Disease Markers

Disease Markers / 2019 / Article
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Novel Biomarkers of Renal Disease Progression

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Research Article | Open Access

Volume 2019 |Article ID 7512805 | https://doi.org/10.1155/2019/7512805

Jiun-Chi Huang, Ho-Ming Su, Pei-Yu Wu, Jia-Jung Lee, Wen-Hsien Lee, Szu-Chia Chen, Yi-Wen Chiu, Ya-Ling Hsu, Jer-Ming Chang, Hung-Chun Chen, "Ratio of Early Mitral Inflow Velocity to the Global Diastolic Strain Rate and Global Left Ventricular Longitudinal Systolic Strain Predict Overall Mortality and Major Adverse Cardiovascular Events in Hemodialysis Patients", Disease Markers, vol. 2019, Article ID 7512805, 12 pages, 2019. https://doi.org/10.1155/2019/7512805

Ratio of Early Mitral Inflow Velocity to the Global Diastolic Strain Rate and Global Left Ventricular Longitudinal Systolic Strain Predict Overall Mortality and Major Adverse Cardiovascular Events in Hemodialysis Patients

Academic Editor: Christos Chadjichristos
Received27 Mar 2019
Revised18 Jul 2019
Accepted30 Jul 2019
Published05 Sep 2019

Abstract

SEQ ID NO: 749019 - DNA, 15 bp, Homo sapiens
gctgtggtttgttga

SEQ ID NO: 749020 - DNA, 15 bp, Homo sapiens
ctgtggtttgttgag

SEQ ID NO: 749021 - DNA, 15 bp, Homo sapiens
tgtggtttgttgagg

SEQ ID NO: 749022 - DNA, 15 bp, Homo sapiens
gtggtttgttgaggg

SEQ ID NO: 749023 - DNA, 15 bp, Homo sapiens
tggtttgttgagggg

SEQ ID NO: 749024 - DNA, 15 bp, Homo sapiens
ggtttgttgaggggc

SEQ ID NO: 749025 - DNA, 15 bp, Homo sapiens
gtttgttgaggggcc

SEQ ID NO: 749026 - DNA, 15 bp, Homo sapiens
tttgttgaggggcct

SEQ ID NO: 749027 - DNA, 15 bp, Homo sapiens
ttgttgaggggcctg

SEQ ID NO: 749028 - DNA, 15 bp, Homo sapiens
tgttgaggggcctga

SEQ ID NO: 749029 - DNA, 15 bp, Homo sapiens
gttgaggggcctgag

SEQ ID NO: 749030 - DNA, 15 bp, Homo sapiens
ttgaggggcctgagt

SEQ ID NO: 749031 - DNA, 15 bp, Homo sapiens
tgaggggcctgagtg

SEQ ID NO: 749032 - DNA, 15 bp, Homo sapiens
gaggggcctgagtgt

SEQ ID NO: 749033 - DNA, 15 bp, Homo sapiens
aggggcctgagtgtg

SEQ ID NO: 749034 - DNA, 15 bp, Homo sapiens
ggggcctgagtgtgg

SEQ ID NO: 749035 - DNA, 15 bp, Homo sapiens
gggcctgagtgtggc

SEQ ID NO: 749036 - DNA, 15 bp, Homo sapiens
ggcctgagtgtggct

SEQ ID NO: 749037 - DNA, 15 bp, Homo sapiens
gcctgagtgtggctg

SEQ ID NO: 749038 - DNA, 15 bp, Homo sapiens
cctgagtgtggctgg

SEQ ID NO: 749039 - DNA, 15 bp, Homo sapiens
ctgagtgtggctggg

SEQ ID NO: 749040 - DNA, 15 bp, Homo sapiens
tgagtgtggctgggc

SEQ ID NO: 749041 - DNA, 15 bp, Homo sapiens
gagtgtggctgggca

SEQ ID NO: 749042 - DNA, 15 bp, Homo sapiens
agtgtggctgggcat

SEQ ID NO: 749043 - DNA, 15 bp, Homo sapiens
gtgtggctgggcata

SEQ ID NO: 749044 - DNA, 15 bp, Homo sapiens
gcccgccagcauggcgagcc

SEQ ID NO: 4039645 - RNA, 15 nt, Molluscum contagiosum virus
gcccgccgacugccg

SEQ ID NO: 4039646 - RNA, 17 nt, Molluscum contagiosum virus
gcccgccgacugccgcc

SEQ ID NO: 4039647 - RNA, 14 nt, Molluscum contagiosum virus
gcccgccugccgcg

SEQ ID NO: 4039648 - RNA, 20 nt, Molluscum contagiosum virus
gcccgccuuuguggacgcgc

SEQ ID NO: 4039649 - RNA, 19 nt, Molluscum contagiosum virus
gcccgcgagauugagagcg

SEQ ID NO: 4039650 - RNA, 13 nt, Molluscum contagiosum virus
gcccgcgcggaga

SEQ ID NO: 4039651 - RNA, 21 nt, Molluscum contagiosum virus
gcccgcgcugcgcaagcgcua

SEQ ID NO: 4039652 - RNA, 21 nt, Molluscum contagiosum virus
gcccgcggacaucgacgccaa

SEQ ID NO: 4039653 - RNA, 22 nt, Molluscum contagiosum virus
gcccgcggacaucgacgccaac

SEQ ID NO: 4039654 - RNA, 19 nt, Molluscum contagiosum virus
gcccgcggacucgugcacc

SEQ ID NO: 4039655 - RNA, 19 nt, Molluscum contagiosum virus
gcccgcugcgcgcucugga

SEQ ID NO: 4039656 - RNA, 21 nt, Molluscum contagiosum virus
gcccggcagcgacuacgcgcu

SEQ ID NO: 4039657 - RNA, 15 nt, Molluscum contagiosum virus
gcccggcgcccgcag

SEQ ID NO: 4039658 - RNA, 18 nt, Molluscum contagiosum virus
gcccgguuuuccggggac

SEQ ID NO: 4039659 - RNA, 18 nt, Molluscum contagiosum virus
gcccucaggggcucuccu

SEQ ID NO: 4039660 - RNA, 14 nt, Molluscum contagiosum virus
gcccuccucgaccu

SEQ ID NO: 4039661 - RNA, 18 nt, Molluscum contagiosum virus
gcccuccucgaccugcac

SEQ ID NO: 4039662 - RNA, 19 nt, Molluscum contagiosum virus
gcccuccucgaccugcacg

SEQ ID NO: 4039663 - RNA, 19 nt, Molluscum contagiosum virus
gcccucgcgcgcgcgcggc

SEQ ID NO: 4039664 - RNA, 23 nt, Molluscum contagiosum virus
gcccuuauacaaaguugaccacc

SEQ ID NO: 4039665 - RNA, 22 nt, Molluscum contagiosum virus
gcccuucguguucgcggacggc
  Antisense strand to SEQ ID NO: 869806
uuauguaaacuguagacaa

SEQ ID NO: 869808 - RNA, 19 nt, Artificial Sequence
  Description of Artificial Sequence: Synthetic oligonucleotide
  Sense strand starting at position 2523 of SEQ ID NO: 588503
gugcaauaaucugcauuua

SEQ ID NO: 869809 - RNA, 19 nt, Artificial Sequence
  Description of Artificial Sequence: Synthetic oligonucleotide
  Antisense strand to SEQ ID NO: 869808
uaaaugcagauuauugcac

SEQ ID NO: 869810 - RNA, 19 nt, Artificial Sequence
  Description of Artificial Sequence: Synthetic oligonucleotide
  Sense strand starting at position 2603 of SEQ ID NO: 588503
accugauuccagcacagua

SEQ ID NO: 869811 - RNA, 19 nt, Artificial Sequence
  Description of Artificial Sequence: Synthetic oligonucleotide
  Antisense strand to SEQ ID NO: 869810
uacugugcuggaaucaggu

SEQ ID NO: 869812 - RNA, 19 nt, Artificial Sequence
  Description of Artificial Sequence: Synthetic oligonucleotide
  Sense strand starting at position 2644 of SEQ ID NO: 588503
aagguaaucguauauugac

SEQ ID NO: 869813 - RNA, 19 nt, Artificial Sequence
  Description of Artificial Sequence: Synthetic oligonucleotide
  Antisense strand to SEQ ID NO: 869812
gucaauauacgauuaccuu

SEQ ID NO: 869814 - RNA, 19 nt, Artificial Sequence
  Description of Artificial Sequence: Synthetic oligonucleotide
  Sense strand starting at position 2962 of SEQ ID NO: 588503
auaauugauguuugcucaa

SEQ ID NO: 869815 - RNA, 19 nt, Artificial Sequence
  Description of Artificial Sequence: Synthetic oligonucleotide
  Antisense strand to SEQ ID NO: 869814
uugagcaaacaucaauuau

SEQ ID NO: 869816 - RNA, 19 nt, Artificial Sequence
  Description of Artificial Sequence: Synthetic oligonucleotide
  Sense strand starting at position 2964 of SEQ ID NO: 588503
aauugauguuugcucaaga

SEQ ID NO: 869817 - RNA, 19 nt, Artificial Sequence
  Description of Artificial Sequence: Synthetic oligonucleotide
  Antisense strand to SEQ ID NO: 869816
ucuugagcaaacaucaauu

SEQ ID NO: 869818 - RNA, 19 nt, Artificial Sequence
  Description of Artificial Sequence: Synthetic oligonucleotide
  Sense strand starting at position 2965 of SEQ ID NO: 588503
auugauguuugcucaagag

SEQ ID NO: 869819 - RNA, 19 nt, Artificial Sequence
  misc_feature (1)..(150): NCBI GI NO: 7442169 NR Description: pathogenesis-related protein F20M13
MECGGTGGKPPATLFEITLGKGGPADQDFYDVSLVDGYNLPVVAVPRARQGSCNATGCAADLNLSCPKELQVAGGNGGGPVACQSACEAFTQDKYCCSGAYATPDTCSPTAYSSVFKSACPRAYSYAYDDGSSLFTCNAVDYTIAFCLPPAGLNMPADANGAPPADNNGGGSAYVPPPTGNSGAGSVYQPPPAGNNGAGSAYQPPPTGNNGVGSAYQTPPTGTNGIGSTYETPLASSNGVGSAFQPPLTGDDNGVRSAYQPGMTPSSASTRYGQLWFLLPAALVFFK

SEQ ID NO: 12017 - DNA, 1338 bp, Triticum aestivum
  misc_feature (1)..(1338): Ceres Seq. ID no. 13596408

Background. The ratio of early mitral inflow velocity to the global diastolic strain rate (E/E’sr) and global longitudinal systolic strain (GLS) of the left ventricle (LV) are emerging indices of diastolic and systolic functions, respectively, for the LV. Their prognostic significance in the prediction of mortality and cardiovascular (CV) outcomes remains underexplored in hemodialysis (HD) patients. Methods. This prospective study included 190 maintenance HD patients. The E/E’sr ratio and GLS were assessed using two-dimensional speckle tracking echocardiography. The clinical outcomes included overall mortality, CV mortality, and major adverse cardiovascular events (MACE). The associations between the E/E’sr ratio, GLS, and clinical outcomes were evaluated using multivariate Cox regression analysis. The incremental values of the E/E’sr ratio and GLS in outcome prediction were assessed by changes in Cox models. Results. Over a median follow-up period of 3.7 years, there were 35 overall deaths, 16 CV deaths, and 45 MACE. Impaired diastolic function with a higher E/E’sr ratio was associated with overall mortality (HR, 1.484; 95% CI, 1.201−1.834; ), CV mortality (HR, 1.584; 95% CI, 1.058–2.371; ), and MACE (HR, 1.205; 95% CI, 1.040−1.397; ) in multivariate adjusted Cox analysis. Worsening GLS was associated with overall mortality (HR, 1.276; 95% CI, 1.101−1.480; ), CV mortality (HR, 1.513; 95% CI, 1.088−2.104; ), and MACE (HR, 1.214; 95% CI, 1.103−1.337; ). The E/E’sr ratio and GLS had better outcome prediction than the E to early diastolic mitral annular velocity (E/E’) ratio and left ventricular ejection fraction (LVEF). Moreover, adding the E/E’sr ratio and GLS to Cox models containing relevant clinical and conventional echocardiographic parameters improved the prediction of overall mortality (), CV mortality (), and MACE (). Conclusion. The E/E’sr ratio and GLS, as emerging indices of LV diastolic and systolic functions, significantly predict mortality and CV outcomes and outperform conventional echocardiographic parameters in outcome prediction in HD patients.